87% of all Jewish roles are male roles.
Most Jewish female characters are presented positively (90%) and as strong (90%).
However, when acted by Jewish actresses, they were 33% likely to be weak vs 0% for non-Jewish actresses and 33% negative vs only 10% for non-Jewish actresses.

However, the data does not show something that is even more pernicious. The roles that are played by non-Jewish actors will often go out of their way to erase the Jewishness of the roles. For instance, the role of Kenneth Feinberg in Worth played by Michael Keaton completely erased the Jewishness of the character. Gone from the role was any semblance of the New York Jew that can be seen in the actual person. In fact, one would not know the character is Jewish if not for the one antisemitic insult made during the movie.

Then there is a movie like Awakenings with Robin Williams. Jewish-passing actors like Robin Williams and Ben Kingsley have stolen more Jewish roles than Matzah on Passover. In this film, the writers go out of their way to erase all Jewishness from the real-life character Oliver Sacks who discovered the cure to the horrible locked-in syndrome. The film changed the name and then in the ending credits went on to say that Dr. Sayer, not Dr. Sacks continues to practice medicine, erasing the Jewishness of the person and thus their contribution to America.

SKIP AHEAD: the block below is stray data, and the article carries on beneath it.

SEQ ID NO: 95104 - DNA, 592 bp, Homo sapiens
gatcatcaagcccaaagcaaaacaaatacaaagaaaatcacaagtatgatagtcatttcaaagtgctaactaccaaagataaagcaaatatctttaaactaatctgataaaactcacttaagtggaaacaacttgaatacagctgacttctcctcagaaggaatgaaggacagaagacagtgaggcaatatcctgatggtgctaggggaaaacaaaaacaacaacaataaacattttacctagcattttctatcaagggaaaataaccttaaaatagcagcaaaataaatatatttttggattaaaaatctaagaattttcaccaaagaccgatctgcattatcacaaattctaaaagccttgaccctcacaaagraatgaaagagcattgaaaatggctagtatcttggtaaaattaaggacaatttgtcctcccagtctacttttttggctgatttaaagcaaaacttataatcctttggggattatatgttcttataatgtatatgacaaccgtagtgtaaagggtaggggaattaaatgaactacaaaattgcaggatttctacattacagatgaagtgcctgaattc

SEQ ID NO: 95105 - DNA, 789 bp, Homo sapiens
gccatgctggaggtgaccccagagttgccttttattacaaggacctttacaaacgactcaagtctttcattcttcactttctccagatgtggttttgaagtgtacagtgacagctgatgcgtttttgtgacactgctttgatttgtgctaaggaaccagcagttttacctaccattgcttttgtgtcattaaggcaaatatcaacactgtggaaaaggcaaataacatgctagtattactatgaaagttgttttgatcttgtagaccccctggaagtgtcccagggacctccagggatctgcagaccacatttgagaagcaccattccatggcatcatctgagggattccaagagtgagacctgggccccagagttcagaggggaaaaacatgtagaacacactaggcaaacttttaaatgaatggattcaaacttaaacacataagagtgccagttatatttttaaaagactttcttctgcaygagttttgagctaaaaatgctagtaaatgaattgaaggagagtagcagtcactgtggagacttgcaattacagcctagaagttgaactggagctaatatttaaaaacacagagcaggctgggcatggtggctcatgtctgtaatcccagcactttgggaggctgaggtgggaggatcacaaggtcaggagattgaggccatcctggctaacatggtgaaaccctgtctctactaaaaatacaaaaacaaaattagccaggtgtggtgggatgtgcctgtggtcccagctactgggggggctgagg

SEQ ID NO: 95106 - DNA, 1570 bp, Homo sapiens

The epilogue of the film Awakenings, based on the book by the same name written by Dr. Oliver Sacks, erasing the history of Dr. Sacks, his name, and replacing it with a fictional Dr. Sayer.

So why are stereotypes of Jews so bad? Well, maybe because of movies like Madoff and Dopesick where Jewish characters are evil while in movies like Worth or Awakenings their Jewishness is erased or Wonderful Mrs. Mazel where the Jewishness is used more like an ornament or a Halloween costume.

Laurie Baron, a SDSU Professor Emiritus and expert on Jewish films feels said “I don’t think it’s as serious an issue as whites being cast as Asians, hearing people as deaf people, straight people playing gay or trans roles, or whites in blackface playing blacks. But clearly Hollywood avoided casting actors with overtly Jewish looks or mannerisms or casting them in overtly Jewish roles until the 1960s and 1970s when the rise of ethnic identity politics made that hip (Streisand, Allan,Brooks, Jeff Goldblum, Carol Kane ).”

The problem with refusing to cast any minority roles with the minority portrayed, including Jews is the effect that it not only limiting minority actors from positive roles but the added re-enforcement of stereotypes that continue to put minority Americans in danger and Jews specifically as they are the number one attacked minority in the United States as a percentage of hate crimes compared to population. And because American culture is shown and spread around the world, so do the stereotypes and the hate.

With the added visibility of these practices, I hope that more minority actors as well as Jewish actors are afforded these roles. Because Jewishness is not a religion, it is an ethnicity and it cannot be impersonated any more than being Indian by a Mexican or Italian by a Norwegian.

A link to the complete dataset used for this article can be found at this link.